Video: Inside EWR MMW Viewing Booth

Discussion in 'Travel Security' started by dotorg, Jun 20, 2011.  |  Print Topic

  1. dotorg
    Original Member

    dotorg Silver Member

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    Yesterday, when I arrived at EWR Terminal C, I noticed that it is possible to look into the MMW Peep Show booth near the C120-129 gates.

    So, I took a quick video: Inside the TSA EWR Terminal C MMW Peep Show Booth.

    While the booth was unoccupied, it appears that an image remained on the screen. After I grabbed the video, I decided to get some photos of the booth itself and the signage on the door. Doing so caused the screeners to freak out and shut down the MMW machine.

    [​IMG]
    EWR Terminal C TSA MMW Viewing Booth by marklyon, on Flickr

    [​IMG]
    EWR Terminal C TSA MMW and Viewing Booth by marklyon, on Flickr

    [​IMG]
    EWR Terminal C TSA Image Operator Room - the "MMW Peep Booth" by marklyon, on Flickr

    I was told not to film, but I refused to stop. I was then politely asked not to film the screens. I decided to move to the next checkpoint and was again harassed for photographing people actually going through the MMW machine at that location. I decided I'd gotten the photos I wanted and went to my gate.

    Only to find that my flight was delayed by four hours. I grabbed a cart and asked to be rushed over to the gate where another flight to my destination would leave in 15 minutes. As we passed a checkpoint, sky marshal Jeffrey Stalker and screening manager Thomas Willoughby stopped me. They showed badges and demanded that I show the photos from my phone.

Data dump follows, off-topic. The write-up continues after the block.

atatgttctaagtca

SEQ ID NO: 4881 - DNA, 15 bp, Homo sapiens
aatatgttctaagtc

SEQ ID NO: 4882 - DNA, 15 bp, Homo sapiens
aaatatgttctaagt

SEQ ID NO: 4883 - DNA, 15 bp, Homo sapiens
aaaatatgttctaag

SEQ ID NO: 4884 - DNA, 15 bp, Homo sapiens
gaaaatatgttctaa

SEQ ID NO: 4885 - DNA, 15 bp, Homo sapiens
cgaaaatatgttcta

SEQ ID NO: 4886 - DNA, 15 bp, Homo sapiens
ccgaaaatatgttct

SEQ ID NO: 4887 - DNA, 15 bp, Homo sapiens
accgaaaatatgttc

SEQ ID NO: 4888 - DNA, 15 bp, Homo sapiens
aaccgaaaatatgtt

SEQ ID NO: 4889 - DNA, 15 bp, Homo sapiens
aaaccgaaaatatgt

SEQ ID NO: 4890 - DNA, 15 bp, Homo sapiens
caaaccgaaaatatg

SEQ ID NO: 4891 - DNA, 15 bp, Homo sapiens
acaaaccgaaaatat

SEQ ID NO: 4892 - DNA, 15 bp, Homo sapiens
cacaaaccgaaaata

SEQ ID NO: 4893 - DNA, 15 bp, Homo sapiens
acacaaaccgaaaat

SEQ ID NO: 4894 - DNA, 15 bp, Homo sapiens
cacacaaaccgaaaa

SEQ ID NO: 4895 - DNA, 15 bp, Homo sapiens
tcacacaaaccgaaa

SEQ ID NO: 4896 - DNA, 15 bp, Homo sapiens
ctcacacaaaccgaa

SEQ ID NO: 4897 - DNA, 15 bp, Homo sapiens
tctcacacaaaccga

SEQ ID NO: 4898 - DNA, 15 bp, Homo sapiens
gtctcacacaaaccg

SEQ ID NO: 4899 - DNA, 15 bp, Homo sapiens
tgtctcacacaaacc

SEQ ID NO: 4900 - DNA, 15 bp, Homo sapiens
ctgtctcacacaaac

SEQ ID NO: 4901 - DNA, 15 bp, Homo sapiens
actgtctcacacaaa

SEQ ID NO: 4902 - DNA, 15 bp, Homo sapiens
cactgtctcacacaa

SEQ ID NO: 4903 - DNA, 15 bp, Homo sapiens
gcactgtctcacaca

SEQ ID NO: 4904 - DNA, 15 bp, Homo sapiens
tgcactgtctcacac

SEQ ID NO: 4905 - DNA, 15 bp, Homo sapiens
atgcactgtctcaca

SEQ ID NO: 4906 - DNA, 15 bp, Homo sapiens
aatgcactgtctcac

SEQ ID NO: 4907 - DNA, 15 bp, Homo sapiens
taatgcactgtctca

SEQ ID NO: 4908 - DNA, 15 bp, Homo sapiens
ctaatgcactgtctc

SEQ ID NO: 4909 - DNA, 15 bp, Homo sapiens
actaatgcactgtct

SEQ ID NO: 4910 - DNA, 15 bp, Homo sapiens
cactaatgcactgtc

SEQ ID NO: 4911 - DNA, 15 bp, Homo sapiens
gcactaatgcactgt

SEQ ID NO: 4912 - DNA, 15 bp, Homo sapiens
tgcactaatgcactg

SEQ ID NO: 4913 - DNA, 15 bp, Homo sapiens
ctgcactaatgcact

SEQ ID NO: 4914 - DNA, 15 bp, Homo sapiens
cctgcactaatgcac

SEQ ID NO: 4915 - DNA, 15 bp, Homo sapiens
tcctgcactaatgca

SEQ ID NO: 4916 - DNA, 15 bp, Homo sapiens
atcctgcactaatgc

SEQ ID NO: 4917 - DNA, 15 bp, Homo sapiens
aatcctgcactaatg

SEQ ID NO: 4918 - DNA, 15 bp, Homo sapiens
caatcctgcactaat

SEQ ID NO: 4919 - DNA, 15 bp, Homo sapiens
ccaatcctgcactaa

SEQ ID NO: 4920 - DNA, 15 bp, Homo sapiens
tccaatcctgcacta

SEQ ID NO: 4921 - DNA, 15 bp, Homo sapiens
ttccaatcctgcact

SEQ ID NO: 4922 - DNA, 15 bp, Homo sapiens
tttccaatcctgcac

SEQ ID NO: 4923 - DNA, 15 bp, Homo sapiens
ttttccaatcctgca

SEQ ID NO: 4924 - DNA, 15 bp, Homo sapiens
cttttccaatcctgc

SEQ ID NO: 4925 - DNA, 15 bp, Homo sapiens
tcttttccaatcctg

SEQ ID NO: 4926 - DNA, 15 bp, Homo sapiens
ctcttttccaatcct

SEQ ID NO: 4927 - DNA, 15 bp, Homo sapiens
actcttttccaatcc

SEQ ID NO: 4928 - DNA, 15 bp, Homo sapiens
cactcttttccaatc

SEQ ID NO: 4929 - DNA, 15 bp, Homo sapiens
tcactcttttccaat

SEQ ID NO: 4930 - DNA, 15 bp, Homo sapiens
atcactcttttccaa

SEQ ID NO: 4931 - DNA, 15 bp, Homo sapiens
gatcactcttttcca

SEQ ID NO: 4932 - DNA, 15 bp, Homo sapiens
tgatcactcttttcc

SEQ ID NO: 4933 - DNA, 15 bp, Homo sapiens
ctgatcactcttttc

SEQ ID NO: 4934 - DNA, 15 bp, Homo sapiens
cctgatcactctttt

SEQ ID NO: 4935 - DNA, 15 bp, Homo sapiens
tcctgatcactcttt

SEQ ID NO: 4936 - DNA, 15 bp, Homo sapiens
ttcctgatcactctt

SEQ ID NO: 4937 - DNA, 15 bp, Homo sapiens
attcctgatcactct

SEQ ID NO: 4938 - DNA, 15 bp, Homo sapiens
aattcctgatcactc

I protested, but having deleted the ones I already posted online, showed them the nine remaining photos on my phone (of people in the MMW from the second machine). They refused to provide any rule against photography and instead said I was stopped for "actions out of the ordinary".
     
  2. N965VJ
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    N965VJ Silver Member

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    Did you see an "innie" or an "outie"? :eek:
     
  3. Clocktower
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    Clocktower Silver Member

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    This whole "don't take pictures" thing is an amusing, but temporary authority temper-tantrum.

    In 10 years we'll all have dime-sized cameras that record 24hrs of high-def video and audio, and can upload constantly in real-time. Then what?
     
  4. viguera
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    viguera Gold Member

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    You can have your phone stream to the internet (or stream back to your house) in realtime right now... and dedicated apps like Qik for the iPhone were doing this 2 years ago. Recon's Android-powered goggles can do this today, complete with GPS coordinates and the works -- it shouldn't take long before someone does this with a pair of glasses rather than goggles, and the only obstacle right now is the lack of a market.

    The "no video / photography" rule has always been a tool to be able to seize your property in the event that you capture something that "they" didn't want you to, particularly abuse of authority and the like.
     
  5. Clocktower
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    Clocktower Silver Member

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    All true (I'm a longtime Qik user), but the key part is "the size of a dime". :)

    When you can't tell whether anyone is recording (and uploading to a secure location that CANNOT be seized) short of submitting them to a full cavity search, then what do you do?

    I suspect the answer will be required full cavity searches.
     
  6. gobluetwo
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    gobluetwo Silver Member

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    Obviously, you develop a low-powered localized EMP device which will short out any stealth recording/transmitting devices on your person as you attempt to pass through x-ray body scanners, which have been turned up to be able to see through your body and detect any potential W/E/I hidden in body cavities. You can then pay the government to securely transmit those images to your primary care physician or specialist in lieu of getting a full-body x-ray at the hospital.
     

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